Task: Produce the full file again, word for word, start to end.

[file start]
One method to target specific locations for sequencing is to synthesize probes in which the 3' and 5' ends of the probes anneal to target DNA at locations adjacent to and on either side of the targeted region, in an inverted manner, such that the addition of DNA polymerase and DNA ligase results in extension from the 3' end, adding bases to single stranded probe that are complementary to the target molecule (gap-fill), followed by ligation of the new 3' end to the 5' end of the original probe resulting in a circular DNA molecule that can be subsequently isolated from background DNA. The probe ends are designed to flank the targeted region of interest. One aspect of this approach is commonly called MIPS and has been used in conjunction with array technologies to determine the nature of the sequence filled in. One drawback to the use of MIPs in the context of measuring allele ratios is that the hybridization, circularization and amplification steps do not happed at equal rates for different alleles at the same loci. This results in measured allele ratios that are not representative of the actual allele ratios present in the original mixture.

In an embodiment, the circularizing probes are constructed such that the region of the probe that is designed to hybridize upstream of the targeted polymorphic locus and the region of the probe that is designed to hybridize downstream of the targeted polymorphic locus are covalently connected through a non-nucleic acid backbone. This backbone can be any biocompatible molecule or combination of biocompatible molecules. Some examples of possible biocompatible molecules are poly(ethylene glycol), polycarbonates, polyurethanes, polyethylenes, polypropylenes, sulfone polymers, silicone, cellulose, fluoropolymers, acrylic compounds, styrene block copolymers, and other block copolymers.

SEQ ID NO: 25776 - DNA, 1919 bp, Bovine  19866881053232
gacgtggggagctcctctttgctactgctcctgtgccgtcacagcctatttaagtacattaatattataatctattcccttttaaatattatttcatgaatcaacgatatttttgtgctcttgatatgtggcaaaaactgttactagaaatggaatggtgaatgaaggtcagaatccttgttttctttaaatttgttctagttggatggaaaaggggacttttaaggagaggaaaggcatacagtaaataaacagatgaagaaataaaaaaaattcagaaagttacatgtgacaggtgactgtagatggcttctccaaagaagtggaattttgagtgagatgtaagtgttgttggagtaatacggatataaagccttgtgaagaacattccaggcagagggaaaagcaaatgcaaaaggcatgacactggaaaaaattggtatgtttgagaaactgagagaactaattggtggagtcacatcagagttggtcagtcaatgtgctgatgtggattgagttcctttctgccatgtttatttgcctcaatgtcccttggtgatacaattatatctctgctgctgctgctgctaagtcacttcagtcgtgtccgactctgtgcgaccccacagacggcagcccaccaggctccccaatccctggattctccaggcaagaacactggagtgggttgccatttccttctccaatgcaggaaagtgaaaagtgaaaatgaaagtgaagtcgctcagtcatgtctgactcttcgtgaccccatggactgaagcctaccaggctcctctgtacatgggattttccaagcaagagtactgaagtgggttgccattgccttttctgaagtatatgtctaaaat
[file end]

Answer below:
One method to target specific locations for sequencing is to synthesize probes in which the 3' and 5' ends of the probes anneal to target DNA at locations adjacent to and on either side of the targeted region, in an inverted manner, such that the addition of DNA polymerase and DNA ligase results in extension from the 3' end, adding bases to single stranded probe that are complementary to the target molecule (gap-fill), followed by ligation of the new 3' end to the 5' end of the original probe resulting in a circular DNA molecule that can be subsequently isolated from background DNA. The probe ends are designed to flank the targeted region of interest. One aspect of this approach is commonly called MIPS and has been used in conjunction with array technologies to determine the nature of the sequence filled in. One drawback to the use of MIPs in the context of measuring allele ratios is that the hybridization, circularization and amplification steps do not happed at equal rates for different alleles at the same loci. This results in measured allele ratios that are not representative of the actual allele ratios present in the original mixture.

In an embodiment, the circularizing probes are constructed such that the region of the probe that is designed to hybridize upstream of the targeted polymorphic locus and the region of the probe that is designed to hybridize downstream of the targeted polymorphic locus are covalently connected through a non-nucleic acid backbone. This backbone can be any biocompatible molecule or combination of biocompatible molecules. Some examples of possible biocompatible molecules are poly(ethylene glycol), polycarbonates, polyurethanes, polyethylenes, polypropylenes, sulfone polymers, silicone, cellulose, fluoropolymers, acrylic compounds, styrene block copolymers, and other block copolymers.

SEQ ID NO: 25776 - DNA, 1919 bp, Bovine  19866881053232
gacgtggggagctcctctttgctactgctcctgtgccgtcacagcctatttaagtacattaatattataatctattcccttttaaatattatttcatgaatcaacgatatttttgtgctcttgatatgtggcaaaaactgttactagaaatggaatggtgaatgaaggtcagaatccttgttttctttaaatttgttctagttggatggaaaaggggacttttaaggagaggaaaggcatacagtaaataaacagatgaagaaataaaaaaaattcagaaagttacatgtgacaggtgactgtagatggcttctccaaagaagtggaattttgagtgagatgtaagtgttgttggagtaatacggatataaagccttgtgaagaacattccaggcagagggaaaagcaaatgcaaaaggcatgacactggaaaaaattggtatgtttgagaaactgagagaactaattggtggagtcacatcagagttggtcagtcaatgtgctgatgtggattgagttcctttctgccatgtttatttgcctcaatgtcccttggtgatacaattatatctctgctgctgctgctgctaagtcacttcagtcgtgtccgactctgtgcgaccccacagacggcagcccaccaggctccccaatccctggattctccaggcaagaacactggagtgggttgccatttccttctccaatgcaggaaagtgaaaagtgaaaatgaaagtgaagtcgctcagtcatgtctgactcttcgtgaccccatggactgaagcctaccaggctcctctgtacatgggattttccaagcaagagtactgaagtgggttgccattgccttttctgaagtatatgtctaaaat